(Bloomberg) -- American Airlines Group Inc. credited Covid as a key reason it pursued a controversial business partnership with JetBlue Airways Corp., saying it needed the alliance to stay competitive in the heavily trafficked US Northeast.
“Our business was hemorrhaging cash” in the spring of 2020, American’s CEO Robert Isom testified Monday in a federal court in Boston, adding that the airline was losing more than $100 million a day as Covid-19 shut down air travel. Identifying the pandemic downturn as a “mortal threat” to American’s survival, Isom authorized executives to focus “fast and hard” on partnerships with JetBlue and Alaska Air Group Inc., to put his airline “in a stronger position when we came out than when we went in.”
American’s partnership with JetBlue, called the Northeast Alliance, allows the two airlines to share routes, bookings and passengers, particularly at airports in Boston and New York. The Justice Department has accused it of being “a merger in all but name,” and sued American and JetBlue last year. Prosecutors seek to unwind the partnership, which they claim reduces choice at US Northeast airports and costs passengers as much as $700 million annually in increased fares.
Rival carriers like Southwest Airlines Co. and Spirit Airlines Inc. have also accused the alliance of putting outsized control of New York flights under American, the country’s largest airline.
The alliance, which has been operational for about 18 months, lets passengers use either carrier’s website to book itineraries on both airlines and enjoy some reciprocal loyalty reward benefits. Offering corporate customers and frequent flyers a seamless reservation and travel experience “would absolutely help us maintain market presence in a downturn,” Isom said at the start of the trial’s second week.
William Jones II, an attorney for the Justice Department, asked Isom if the alliance was intended to “help American shed capacity.” The CEO replied it was merely to “help American,” and that the partnership offered it the opportunity “to expand or improve in an area where we’ve been historically weak.”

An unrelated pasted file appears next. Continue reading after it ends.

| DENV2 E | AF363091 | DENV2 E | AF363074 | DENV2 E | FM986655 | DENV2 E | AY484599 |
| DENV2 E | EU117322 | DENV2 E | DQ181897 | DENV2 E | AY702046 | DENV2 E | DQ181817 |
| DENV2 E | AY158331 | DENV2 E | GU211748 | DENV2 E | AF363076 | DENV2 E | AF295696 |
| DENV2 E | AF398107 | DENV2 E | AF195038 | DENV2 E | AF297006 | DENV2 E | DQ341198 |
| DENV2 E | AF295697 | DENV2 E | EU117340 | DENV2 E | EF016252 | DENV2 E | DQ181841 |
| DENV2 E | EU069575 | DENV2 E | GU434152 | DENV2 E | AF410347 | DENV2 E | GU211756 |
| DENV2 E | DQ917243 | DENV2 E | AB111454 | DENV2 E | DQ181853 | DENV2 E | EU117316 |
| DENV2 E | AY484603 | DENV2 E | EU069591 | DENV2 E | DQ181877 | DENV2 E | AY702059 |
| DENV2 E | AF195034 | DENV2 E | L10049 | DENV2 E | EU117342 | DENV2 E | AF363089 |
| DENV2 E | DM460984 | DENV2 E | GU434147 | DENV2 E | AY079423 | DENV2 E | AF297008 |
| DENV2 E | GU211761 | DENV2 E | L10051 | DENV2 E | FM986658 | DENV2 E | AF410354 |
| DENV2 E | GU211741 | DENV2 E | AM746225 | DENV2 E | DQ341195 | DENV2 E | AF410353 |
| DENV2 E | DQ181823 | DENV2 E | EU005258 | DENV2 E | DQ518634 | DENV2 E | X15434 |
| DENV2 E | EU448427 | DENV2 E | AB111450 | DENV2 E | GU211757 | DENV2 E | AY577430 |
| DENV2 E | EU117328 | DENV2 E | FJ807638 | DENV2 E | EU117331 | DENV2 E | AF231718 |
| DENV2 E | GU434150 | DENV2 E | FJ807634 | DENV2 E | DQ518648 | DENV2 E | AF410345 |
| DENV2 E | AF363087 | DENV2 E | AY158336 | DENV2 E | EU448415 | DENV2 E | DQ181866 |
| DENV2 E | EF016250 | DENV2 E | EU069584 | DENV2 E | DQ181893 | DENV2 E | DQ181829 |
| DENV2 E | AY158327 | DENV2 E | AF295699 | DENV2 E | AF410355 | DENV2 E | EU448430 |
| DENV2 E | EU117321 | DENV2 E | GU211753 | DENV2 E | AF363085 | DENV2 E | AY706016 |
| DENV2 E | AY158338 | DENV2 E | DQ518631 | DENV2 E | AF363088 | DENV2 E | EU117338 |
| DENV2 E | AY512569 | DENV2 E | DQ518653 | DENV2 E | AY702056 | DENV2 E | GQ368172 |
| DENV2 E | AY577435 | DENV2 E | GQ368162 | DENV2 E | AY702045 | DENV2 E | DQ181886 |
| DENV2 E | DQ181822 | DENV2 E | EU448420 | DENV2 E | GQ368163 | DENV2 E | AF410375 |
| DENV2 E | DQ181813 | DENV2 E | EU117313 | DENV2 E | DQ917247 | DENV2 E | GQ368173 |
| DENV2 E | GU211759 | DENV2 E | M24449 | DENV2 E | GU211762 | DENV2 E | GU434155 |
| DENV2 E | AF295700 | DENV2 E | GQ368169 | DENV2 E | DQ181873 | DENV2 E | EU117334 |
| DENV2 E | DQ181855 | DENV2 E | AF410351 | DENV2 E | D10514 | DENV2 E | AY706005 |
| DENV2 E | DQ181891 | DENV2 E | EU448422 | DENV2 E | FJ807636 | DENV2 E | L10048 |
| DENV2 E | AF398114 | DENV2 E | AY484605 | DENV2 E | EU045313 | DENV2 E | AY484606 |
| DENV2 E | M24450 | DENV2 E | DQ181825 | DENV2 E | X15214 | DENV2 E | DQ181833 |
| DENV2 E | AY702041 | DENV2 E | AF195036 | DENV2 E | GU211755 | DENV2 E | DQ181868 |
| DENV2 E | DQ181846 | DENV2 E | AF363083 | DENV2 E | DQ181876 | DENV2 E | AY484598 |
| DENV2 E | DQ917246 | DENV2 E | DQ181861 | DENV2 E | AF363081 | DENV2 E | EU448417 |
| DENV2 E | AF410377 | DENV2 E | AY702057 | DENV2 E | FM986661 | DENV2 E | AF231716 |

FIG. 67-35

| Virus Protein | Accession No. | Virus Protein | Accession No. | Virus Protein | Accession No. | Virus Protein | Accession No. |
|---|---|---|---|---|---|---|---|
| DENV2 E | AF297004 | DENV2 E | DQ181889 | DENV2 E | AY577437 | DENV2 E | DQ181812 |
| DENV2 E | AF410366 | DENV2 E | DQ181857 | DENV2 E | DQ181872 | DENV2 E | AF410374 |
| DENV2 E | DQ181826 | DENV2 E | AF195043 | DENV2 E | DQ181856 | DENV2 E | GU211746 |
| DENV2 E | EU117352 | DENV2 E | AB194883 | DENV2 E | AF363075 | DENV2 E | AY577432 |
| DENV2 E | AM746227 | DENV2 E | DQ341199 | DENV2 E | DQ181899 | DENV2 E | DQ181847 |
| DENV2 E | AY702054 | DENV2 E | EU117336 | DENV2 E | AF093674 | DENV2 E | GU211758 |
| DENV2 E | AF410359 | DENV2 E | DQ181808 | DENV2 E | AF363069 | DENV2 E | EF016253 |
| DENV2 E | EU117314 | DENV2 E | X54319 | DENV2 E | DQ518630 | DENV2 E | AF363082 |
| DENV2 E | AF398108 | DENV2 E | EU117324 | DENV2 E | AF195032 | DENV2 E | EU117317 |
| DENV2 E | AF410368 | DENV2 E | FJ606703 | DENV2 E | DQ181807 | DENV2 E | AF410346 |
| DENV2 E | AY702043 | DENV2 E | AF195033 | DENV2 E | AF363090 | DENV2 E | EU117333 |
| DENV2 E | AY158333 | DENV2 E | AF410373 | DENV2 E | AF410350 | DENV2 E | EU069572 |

In his testimony on Monday, Isom defended the alliance as wholly different from a merger, pointing to the five years of extensive, expensive integration American undertook to merge with US Airways in 2013. After that merger, the two airlines had to convert to the same computer and reservations systems, negotiate agreements with employee unions, reconfigure aircraft, retrain some staff, and convert airport properties to one brand.
With the Northeast Alliance, he said, “we’re not trying to merge our carriers or make JetBlue identical to American.” When Jones asked if the two “operate as a single airline” in New York and Boston, Isom replied, “We have our own gates, our own planes, our own services that make us distinct.”
Isom said the airline’s goal was to encourage high-value travelers to book with the Northeast Alliance instead of with United Airlines Inc. or Delta Air Lines Inc., which have large presences in Northeast markets. “It’s not something that takes billions to bring about,” like a merger, he said. “There’s no comparison at all. They’re not on the same magnitude, not the same scale.”
The case is US v American Airlines, 21-cv-11558, US District Court of Massachusetts (Boston).
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